[citation][nom]drosencraft[/nom]Touch/Smell through a device is a good idea in limited applications. Some here obviously rarely shop for non-mechanical devices, or lack a great deal of imagination. That said, touch/smell would have to be done right to be useful at all. Not every "cotton" shirt is made to the same standard. It could be useful if you're shopping online to be able to feel what that particular shirt's quality and texture are like. Or for smell, to be able to smell what some restaurant's food smells like, or what some deodorant/perfume/shampoo/detergent/cleaner smells like before you buy it. It is useful in limited scenarios, but those scenarios are very common. They may not constitute a huge percentage of computer activity, but it's something that is likely done by millions of people on a daily basis. Not the most glamorous tech, and I don't think it'll be even on the horizon in next five years due to the complications of synthetically creating variable senses of smell and touch on demand.[/citation]
Non-mechanical devices, no need to know the texture (like a mug's). For buying food/groceries online, you rely on reputation of the store. The rest, like clothes and such, we go to malls/boutiques to shop. No need for useless touch crap. I'm more concerned with how a dress will fit.
Touch: It's very impractical to "texture scan" every item on the catalog especially wasting resources on "below standard" items. Fashion trends always change (maybe except jeans) so they'd be constantly updating the catalog. If you're lazy (always prefer shopping online) or don't have time to go out shopping (to feel out the dress yourself), you probably don't care that much about quality (unless you already know what you are buying).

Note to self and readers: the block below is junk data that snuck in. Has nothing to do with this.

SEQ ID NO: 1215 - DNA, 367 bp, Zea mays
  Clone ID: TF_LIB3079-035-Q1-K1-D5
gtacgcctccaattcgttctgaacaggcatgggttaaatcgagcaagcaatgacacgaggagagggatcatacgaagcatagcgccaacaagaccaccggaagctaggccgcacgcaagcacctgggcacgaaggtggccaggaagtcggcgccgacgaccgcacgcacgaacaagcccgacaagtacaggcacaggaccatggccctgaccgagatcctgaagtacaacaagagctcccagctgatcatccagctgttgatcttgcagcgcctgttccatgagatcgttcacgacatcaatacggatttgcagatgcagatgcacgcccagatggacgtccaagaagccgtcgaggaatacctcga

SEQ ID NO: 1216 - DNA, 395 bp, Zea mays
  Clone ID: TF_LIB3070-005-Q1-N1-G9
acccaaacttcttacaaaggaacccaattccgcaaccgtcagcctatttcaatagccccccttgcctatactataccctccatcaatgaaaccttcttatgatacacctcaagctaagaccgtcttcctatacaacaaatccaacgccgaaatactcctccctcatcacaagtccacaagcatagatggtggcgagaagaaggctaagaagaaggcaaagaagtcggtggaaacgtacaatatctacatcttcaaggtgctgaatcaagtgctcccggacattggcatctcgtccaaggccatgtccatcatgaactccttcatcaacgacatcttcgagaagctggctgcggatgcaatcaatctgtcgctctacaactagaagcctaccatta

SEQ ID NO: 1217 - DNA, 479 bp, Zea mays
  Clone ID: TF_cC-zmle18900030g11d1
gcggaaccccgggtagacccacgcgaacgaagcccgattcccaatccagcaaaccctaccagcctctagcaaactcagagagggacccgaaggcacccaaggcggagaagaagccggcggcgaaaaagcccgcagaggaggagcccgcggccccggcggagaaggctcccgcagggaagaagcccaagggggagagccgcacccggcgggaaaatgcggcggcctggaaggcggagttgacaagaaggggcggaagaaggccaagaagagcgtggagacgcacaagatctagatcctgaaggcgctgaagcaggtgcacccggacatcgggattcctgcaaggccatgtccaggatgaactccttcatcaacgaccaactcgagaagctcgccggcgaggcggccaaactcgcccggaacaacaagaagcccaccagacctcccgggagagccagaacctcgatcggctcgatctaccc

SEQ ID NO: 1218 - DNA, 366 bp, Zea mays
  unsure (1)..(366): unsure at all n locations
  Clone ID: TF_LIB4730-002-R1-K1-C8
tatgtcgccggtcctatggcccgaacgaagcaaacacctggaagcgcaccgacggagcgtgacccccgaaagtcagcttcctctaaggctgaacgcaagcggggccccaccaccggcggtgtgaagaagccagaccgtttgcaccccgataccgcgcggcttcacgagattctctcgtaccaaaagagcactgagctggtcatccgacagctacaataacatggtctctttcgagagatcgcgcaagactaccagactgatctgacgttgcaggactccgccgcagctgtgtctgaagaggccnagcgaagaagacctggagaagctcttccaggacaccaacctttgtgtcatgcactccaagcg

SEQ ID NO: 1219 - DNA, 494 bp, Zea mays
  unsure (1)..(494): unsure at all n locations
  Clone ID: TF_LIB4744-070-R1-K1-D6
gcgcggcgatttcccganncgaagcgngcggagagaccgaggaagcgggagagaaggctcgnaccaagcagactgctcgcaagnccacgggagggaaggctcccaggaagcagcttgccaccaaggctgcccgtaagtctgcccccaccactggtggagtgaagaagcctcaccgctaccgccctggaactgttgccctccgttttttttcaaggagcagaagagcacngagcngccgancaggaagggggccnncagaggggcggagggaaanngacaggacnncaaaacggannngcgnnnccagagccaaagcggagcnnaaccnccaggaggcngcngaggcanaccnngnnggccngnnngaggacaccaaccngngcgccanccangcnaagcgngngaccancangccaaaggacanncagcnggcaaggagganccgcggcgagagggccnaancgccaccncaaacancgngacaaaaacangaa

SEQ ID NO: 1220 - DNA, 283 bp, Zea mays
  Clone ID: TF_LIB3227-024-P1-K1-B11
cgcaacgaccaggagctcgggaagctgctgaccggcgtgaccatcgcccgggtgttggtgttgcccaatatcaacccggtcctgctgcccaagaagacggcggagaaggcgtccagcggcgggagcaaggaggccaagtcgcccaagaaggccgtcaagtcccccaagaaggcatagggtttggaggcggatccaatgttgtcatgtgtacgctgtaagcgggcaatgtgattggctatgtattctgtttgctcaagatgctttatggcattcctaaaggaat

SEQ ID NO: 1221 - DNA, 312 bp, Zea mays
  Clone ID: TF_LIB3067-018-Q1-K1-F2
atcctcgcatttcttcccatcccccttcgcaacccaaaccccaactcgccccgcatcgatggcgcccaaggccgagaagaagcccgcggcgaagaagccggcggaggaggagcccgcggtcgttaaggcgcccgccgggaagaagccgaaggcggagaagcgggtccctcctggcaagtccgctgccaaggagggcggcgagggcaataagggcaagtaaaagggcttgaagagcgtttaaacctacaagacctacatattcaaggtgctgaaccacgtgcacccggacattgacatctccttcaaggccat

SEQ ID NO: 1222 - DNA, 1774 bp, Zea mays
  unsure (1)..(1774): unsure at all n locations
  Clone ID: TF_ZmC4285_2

Smell: They're not talking about artificial odor. It's the computer that will have the sense of smell... not consumer computers anyway. Still, I don't know why you'd want to know the smell of a restaurant's food. Taste isn't always about the smell. Like artificial flavors, smells can be faked (like the smell device will produce).
It's useless to try every smell of detergent/cleaner/shampoo/etc (via smell device) unless you change to a different one every time you ran out. What you're buying/trying is probably cheaper than refilling the chemicals on the smell device. If smell devices can mimic expensive perfume, there's no need to buy the real one.
You say the scenarios are common but all of them are about online shopping. Maybe IBM is trying to make everyone into shut ins or something:
Computers can smell if you are sick (and alert someone), can see and hear what happens in and around your house (and alert someone if it's bad), and tell you what to eat. No need to go out to shop. You can feel what you're buying online through your phone.